Mitchell, the White Sox first-round pick in June's First-Year Player Draft, propelled his team to victory as LSU demolished Texas, 11-4, on Wednesday night to win the College World Series and its sixth national championship.
For Mitchell, voted the tournament's Most Outstanding Player, there couldn't be a better going-away present.
"If there's a better way, write the story for me," Mitchell said. "I can't even explain it. It's been so much fun being around these guys, guys that really care about what's going on. To see us come together and accomplish something like this, it's special."
The Tigers' offense was on to Texas starter Cole Green from the outset. With two runners on, Mitchell stepped to the plate in the first inning and staked his team to an early three-run lead with a home run that curled around the right-field foul pole.
Several other Major League Baseball Draftees got in on the farewell tour as Blue Jays fifth-round pick Ryan Schimpf knocked an RBI single in the second while fellow Toronto pick Sean Ochinko (11th round) put the game out of reach with a two-RBI single in the five-run sixth. Ochinko capped off his 4-for-5 night, adding a home run in the top of the ninth for a total of three RBIs in the contest.
LSU sophomore ace Anthony Ranaudo battled for 5 1/3 innings, in and out of trouble, giving up four runs on eight hits. His control escaped him as he issued five walks, including a bases-loaded pass to Preston Clark in the third.
"It was just one of those innings," Ranaudo said. "I didn't have good command. I couldn't locate. ... I just told myself that I had to let the defense work for me and try to get out of this inning and limit the damage."
The Longhorns, who left 11 men on base, had their chances early against Ranaudo, but Texas coach Augie Garrido wouldn't speculate about the effect it had on the game.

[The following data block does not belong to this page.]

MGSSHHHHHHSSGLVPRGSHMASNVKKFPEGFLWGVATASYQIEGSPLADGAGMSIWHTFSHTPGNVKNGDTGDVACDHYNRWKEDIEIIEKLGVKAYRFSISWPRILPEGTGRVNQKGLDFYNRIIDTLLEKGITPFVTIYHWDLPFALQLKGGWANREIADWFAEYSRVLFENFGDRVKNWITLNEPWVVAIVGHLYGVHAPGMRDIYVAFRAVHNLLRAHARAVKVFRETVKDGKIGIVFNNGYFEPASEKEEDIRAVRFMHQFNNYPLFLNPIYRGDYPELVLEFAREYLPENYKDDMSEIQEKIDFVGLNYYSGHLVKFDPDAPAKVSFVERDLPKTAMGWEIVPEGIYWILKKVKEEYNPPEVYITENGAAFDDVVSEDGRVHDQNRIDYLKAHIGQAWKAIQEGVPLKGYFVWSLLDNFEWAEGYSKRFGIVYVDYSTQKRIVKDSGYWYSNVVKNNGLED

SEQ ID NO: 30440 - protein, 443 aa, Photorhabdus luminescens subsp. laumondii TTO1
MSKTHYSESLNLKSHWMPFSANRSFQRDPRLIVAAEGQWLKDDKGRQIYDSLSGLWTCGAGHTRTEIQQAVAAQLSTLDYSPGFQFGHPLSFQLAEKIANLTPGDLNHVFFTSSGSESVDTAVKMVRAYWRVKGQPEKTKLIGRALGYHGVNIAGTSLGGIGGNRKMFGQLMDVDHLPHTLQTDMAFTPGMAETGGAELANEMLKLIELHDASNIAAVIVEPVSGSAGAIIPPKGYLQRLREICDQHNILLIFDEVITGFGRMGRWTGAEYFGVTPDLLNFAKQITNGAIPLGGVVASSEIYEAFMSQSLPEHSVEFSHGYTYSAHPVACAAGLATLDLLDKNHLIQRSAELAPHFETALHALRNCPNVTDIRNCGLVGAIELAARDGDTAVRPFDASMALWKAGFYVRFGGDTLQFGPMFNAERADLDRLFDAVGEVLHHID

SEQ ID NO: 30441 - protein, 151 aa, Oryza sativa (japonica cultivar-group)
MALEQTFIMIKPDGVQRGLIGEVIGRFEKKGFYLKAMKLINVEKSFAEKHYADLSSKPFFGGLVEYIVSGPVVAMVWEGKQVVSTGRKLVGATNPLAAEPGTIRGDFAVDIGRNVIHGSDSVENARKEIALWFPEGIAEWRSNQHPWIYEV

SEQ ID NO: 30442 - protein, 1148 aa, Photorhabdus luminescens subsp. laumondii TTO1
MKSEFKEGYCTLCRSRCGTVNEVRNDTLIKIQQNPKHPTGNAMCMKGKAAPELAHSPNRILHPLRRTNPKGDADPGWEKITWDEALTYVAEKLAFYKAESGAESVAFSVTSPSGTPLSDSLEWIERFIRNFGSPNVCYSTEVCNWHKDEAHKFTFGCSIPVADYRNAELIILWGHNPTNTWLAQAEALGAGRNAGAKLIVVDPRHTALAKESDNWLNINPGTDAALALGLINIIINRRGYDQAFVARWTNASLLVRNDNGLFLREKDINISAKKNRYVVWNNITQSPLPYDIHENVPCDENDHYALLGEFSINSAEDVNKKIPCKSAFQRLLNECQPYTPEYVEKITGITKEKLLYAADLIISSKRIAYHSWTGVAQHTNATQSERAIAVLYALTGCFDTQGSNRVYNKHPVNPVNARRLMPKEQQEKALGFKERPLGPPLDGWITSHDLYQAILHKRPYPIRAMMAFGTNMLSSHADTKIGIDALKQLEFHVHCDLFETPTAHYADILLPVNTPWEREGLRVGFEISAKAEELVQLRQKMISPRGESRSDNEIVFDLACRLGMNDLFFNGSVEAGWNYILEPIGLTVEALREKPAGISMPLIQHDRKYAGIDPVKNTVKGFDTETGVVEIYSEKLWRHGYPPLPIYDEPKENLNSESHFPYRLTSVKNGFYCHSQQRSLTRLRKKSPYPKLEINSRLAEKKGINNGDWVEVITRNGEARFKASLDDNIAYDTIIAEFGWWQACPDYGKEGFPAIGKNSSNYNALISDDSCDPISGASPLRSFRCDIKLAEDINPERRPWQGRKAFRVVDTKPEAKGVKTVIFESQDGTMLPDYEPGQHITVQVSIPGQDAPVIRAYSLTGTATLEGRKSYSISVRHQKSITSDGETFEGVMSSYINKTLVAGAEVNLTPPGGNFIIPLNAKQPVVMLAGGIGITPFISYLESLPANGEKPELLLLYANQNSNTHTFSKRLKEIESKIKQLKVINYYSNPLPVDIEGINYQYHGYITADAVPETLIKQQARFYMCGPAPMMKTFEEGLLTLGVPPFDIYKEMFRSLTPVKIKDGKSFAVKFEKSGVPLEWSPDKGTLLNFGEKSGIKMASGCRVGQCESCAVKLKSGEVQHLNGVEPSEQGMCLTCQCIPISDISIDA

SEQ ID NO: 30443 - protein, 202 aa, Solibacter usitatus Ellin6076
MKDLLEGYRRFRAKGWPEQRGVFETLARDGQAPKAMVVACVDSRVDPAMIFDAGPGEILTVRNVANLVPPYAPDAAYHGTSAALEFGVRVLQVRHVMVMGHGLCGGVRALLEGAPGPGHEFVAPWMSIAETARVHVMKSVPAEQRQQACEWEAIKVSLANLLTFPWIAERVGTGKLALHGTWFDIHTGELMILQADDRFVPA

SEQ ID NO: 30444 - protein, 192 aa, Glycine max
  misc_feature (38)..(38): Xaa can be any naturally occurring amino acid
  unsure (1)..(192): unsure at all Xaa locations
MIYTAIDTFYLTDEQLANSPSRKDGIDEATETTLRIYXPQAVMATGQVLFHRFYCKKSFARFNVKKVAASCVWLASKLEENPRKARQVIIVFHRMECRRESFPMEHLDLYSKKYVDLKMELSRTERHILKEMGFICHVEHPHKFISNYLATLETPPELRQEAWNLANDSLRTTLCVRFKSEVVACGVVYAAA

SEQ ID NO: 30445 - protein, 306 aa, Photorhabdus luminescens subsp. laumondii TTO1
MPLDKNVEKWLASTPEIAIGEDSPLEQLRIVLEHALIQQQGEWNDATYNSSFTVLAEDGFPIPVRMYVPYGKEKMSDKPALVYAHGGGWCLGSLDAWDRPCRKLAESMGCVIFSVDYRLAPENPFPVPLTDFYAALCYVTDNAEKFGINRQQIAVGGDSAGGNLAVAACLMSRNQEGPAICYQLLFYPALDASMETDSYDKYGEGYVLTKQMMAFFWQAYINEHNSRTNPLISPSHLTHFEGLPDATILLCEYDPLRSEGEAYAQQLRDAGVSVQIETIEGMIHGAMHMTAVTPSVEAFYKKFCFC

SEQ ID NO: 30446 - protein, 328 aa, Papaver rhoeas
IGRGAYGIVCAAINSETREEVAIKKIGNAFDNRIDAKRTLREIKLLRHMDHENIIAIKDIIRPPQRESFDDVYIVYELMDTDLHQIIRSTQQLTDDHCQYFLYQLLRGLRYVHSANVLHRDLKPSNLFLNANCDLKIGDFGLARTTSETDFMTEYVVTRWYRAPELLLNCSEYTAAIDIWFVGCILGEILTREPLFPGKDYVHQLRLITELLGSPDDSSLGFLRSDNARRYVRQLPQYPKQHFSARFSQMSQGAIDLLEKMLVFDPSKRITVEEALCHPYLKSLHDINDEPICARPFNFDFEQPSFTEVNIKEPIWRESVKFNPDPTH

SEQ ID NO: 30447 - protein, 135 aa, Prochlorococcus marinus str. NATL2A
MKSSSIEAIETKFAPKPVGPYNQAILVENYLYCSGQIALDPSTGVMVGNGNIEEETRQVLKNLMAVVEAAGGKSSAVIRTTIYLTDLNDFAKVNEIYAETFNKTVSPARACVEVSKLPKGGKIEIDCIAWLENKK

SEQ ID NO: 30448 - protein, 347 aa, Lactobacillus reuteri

"That may have changed the momentum," the veteran coach said. "I'm not going to be willing to pick our team apart. They've done too much, they've come too far."
In the fifth, the Longhorns rallied again and Kevin Keyes came up with a chance at redemption after striking out with the bases loaded in the first inning. He didn't make the same mistake twice, lining the first pitch into the left-field bleachers for a two-run homer.
LSU simply wouldn't go away that easily, chasing after Texas' bullpen in the sixth. After Keyes tied the game in the fifth, Mitchell fought his way on base with a walk and Mikie Mahtook, the hero of Game 1, responded with an RBI double to reclaim the lead.
"Through the middle innings, we got a little flat," Mitchell said. "I was coming up in the sixth inning and I just told myself to do something to spark this team."
Detroit Tigers fifth-round pick Austin Wood came into the game and hit a batter before giving up the two-RBI single to Ochinko. Wood got an ugly farewell as a hard liner off the bat of DJ LeMahieu knocked him out of the game in the eighth.
For the third night in a row, LSU's bullpen proved resilient, holding the Longhorns scoreless after Ranaudo's exit. The combined effort of Chad Jones, who made the switch to the bullpen from the outfield earlier this year, and Louis Coleman, the Royals' fifth-round Draft selection, kept Texas silent as the game and the national title slipped through the Longhorns' hands.
"How about Chad Jones! Isn't that the most unbelievable thing?, " LSU coach Paul Mainieri said. "Our bullpen was maligned all year. I just had a feeling it was going to keep getting better."
The program's sixth national championship is the first of Mainieri's head coaching career.
"I've dreamt my whole life of having this moment, after the game being able to talk about a national championship," Mainieri said. "Now that it's here, it's almost surreal."
Garrido complimented LSU, but insisted his team had nothing to hang its heads about.
"I don't think we lost this tournament," Garrido said. "I think they won it. It was a great effort that combined all of the ingredients of what baseball is about. ... A well-deserved championship for LSU."
Bailey Stephens is an associate reporter for MLB.com. This story was not subject to the approval of Major League Baseball or its clubs.